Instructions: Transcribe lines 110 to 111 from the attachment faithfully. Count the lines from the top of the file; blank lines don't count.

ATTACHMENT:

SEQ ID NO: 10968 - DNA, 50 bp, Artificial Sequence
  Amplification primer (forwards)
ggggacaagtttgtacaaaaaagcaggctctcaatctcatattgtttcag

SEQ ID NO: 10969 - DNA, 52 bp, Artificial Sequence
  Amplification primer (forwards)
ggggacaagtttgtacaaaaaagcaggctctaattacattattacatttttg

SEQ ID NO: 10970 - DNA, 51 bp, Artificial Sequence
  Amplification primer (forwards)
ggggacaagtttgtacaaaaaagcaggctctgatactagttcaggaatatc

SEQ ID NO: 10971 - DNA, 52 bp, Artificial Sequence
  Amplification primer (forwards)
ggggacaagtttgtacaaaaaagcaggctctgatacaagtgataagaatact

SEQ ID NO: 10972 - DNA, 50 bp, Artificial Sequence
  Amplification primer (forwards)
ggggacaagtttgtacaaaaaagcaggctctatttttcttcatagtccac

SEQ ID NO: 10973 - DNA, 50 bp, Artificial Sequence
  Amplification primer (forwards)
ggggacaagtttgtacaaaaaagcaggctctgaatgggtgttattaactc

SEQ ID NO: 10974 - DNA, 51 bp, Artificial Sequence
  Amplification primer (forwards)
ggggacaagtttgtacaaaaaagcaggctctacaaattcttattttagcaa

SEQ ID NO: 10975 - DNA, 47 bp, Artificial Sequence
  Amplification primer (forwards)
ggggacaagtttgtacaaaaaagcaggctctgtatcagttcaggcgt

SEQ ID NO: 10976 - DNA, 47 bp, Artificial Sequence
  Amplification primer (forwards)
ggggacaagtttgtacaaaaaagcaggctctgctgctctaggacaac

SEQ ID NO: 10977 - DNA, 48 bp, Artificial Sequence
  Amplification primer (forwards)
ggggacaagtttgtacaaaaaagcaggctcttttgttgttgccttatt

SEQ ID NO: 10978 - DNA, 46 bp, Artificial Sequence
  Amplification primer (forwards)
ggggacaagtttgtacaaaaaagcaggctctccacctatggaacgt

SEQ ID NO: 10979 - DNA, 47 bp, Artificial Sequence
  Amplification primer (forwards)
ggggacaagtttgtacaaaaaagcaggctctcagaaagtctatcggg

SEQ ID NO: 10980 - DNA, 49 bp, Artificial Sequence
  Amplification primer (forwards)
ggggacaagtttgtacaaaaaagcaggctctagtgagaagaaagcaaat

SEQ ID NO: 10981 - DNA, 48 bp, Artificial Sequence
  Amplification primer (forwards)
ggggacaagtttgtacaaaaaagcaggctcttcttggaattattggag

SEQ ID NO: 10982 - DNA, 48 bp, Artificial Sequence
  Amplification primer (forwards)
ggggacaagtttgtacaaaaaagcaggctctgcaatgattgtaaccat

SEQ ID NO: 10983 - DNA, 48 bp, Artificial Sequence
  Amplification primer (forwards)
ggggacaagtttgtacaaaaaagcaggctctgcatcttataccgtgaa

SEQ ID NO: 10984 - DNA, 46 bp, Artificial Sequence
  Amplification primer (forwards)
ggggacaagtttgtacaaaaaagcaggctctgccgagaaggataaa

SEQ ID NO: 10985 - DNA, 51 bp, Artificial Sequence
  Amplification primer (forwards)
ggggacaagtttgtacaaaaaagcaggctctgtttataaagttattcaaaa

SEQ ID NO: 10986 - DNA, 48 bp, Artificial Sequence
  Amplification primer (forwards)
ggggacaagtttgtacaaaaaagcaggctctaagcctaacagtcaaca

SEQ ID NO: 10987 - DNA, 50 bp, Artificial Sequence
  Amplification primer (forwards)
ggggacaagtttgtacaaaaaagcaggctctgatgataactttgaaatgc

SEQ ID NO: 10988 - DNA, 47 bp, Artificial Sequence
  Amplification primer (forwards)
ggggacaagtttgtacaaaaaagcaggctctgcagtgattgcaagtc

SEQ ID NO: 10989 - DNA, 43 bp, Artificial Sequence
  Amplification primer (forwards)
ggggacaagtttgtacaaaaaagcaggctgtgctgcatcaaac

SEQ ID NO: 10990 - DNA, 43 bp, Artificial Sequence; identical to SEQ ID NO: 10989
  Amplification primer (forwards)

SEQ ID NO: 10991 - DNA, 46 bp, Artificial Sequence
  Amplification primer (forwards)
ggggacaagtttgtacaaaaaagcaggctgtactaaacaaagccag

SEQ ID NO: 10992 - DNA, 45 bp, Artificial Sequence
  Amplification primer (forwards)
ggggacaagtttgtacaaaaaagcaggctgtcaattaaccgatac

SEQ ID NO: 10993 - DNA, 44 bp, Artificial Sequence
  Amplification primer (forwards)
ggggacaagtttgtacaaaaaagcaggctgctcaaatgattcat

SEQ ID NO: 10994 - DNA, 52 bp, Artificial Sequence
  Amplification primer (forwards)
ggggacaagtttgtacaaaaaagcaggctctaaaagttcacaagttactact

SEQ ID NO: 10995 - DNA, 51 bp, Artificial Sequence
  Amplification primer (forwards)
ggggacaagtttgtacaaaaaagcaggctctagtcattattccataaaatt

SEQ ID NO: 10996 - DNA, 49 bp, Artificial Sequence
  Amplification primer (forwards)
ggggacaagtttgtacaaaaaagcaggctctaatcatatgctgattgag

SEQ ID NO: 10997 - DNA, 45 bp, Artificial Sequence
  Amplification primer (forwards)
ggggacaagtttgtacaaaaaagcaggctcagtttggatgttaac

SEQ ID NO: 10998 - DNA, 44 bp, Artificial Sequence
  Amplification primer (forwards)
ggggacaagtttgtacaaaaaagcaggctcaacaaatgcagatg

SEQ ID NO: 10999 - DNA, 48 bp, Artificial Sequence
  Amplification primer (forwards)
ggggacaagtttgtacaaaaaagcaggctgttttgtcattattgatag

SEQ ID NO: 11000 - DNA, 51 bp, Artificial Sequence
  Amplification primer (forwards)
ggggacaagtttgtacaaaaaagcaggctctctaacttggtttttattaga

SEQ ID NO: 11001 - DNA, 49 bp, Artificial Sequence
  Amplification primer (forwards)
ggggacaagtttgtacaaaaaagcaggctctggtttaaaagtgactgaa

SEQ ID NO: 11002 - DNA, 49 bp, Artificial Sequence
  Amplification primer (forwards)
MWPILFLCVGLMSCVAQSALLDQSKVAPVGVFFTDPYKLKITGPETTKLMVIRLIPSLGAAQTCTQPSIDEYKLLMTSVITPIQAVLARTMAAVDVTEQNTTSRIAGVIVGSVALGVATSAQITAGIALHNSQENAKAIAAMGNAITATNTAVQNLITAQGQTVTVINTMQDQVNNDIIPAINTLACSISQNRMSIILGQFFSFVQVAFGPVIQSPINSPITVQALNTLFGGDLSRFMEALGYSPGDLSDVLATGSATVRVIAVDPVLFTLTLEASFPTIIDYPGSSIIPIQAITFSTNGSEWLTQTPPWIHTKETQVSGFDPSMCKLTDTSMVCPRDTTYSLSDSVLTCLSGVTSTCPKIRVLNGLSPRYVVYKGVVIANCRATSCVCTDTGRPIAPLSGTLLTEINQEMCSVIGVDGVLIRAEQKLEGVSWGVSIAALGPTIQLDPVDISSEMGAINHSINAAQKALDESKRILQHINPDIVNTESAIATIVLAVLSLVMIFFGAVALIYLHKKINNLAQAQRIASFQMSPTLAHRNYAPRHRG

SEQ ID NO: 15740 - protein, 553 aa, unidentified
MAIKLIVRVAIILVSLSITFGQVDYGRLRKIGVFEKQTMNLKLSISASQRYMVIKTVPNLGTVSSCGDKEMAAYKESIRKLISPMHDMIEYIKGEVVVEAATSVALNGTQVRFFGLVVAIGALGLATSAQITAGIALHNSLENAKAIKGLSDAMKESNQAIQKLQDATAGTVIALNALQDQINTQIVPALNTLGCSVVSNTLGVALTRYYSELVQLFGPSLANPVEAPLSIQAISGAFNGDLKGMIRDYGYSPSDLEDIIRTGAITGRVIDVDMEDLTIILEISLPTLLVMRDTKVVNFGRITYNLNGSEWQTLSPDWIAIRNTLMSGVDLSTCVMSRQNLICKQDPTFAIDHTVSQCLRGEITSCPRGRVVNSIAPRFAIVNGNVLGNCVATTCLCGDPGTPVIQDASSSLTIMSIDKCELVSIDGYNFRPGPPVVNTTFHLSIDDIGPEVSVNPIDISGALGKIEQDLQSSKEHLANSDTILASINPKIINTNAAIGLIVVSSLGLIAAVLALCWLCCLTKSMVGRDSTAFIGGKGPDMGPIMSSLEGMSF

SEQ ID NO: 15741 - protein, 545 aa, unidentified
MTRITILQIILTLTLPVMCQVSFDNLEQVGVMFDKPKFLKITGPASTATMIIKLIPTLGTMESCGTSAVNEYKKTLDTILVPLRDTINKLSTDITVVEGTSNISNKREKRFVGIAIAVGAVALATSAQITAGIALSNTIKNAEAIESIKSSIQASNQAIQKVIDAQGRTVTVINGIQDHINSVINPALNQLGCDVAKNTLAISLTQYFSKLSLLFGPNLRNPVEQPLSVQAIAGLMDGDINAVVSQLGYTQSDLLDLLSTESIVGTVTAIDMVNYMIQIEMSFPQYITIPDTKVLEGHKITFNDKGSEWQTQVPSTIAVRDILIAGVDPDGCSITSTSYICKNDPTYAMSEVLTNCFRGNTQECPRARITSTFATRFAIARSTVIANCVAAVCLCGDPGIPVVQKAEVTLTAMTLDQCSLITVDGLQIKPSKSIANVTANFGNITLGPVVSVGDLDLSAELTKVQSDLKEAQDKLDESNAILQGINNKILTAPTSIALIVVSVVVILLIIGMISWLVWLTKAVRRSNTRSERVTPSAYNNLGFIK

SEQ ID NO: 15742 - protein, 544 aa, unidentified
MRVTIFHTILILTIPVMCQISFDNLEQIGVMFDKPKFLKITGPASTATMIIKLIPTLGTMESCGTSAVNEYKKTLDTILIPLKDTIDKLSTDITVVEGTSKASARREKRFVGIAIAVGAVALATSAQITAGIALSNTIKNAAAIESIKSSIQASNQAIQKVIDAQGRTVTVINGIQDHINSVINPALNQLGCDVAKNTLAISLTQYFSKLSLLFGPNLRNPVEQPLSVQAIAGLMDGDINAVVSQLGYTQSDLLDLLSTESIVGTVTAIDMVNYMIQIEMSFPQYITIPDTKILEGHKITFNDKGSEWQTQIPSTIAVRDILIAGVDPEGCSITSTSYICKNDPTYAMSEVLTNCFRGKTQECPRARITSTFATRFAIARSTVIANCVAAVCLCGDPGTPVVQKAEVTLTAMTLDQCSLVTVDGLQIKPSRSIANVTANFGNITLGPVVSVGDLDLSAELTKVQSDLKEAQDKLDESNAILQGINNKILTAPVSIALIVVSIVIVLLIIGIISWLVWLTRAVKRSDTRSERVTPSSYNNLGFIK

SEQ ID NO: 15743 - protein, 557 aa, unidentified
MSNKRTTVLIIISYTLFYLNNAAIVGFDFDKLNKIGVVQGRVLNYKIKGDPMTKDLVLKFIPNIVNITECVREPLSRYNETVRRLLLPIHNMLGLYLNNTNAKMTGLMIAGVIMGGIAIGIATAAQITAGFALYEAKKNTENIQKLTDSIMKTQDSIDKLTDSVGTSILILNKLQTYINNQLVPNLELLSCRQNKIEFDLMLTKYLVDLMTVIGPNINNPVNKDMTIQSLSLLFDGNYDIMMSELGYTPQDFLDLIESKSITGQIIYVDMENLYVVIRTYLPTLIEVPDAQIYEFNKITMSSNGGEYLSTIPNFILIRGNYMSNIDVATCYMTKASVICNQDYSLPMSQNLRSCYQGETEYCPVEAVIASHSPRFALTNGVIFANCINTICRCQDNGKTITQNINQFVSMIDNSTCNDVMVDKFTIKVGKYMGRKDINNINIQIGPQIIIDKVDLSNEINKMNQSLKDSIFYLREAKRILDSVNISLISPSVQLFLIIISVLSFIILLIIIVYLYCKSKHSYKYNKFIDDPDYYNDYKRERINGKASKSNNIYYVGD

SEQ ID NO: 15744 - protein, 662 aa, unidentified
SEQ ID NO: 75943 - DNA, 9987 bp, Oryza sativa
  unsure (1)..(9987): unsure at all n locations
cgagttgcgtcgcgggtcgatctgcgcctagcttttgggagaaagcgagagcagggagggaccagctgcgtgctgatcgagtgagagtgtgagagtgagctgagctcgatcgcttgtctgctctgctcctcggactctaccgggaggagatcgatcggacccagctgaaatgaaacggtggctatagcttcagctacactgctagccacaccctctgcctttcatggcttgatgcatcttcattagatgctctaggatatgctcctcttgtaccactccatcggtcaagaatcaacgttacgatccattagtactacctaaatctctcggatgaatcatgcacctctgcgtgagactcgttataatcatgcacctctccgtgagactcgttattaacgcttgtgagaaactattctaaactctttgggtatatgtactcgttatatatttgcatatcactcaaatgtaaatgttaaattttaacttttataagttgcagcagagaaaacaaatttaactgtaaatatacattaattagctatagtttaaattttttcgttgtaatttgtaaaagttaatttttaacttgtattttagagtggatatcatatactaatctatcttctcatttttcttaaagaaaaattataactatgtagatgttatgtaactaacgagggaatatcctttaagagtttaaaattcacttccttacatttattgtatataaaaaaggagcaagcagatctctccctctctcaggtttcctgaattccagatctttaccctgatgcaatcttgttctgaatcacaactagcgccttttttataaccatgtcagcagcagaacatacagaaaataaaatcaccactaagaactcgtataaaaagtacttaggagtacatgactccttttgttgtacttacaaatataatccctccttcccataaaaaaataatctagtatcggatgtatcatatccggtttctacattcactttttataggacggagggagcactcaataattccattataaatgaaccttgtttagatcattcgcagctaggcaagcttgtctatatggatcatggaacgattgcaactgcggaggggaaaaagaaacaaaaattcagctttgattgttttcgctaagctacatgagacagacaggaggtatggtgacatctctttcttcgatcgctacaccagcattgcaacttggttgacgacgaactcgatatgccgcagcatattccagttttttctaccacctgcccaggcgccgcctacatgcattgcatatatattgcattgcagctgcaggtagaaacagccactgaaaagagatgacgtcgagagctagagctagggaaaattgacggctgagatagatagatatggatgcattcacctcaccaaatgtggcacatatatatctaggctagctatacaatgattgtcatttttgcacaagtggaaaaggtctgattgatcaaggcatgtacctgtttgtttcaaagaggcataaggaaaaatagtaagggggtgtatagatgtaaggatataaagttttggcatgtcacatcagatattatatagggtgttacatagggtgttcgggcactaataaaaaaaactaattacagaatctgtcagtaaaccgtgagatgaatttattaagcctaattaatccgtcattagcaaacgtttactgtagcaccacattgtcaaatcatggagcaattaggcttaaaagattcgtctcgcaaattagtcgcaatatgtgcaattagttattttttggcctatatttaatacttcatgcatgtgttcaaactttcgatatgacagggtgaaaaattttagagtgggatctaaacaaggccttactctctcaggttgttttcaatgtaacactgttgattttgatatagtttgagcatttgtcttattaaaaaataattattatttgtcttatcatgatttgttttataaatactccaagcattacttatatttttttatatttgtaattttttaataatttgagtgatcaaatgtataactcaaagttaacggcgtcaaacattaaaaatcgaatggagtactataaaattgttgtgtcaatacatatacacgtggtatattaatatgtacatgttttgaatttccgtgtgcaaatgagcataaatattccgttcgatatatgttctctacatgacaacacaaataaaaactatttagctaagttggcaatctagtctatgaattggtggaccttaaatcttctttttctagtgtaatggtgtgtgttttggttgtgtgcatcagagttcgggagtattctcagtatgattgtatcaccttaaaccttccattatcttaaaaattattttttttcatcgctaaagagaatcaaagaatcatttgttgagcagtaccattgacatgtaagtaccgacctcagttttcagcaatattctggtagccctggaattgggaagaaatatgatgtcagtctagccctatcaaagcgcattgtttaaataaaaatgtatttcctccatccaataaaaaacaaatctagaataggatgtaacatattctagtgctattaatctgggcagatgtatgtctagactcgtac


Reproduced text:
MRVTIFHTILILTIPVMCQISFDNLEQIGVMFDKPKFLKITGPASTATMIIKLIPTLGTMESCGTSAVNEYKKTLDTILIPLKDTIDKLSTDITVVEGTSKASARREKRFVGIAIAVGAVALATSAQITAGIALSNTIKNAAAIESIKSSIQASNQAIQKVIDAQGRTVTVINGIQDHINSVINPALNQLGCDVAKNTLAISLTQYFSKLSLLFGPNLRNPVEQPLSVQAIAGLMDGDINAVVSQLGYTQSDLLDLLSTESIVGTVTAIDMVNYMIQIEMSFPQYITIPDTKILEGHKITFNDKGSEWQTQIPSTIAVRDILIAGVDPEGCSITSTSYICKNDPTYAMSEVLTNCFRGKTQECPRARITSTFATRFAIARSTVIANCVAAVCLCGDPGTPVVQKAEVTLTAMTLDQCSLVTVDGLQIKPSRSIANVTANFGNITLGPVVSVGDLDLSAELTKVQSDLKEAQDKLDESNAILQGINNKILTAPVSIALIVVSIVIVLLIIGIISWLVWLTRAVKRSDTRSERVTPSSYNNLGFIK

SEQ ID NO: 15743 - protein, 557 aa, unidentified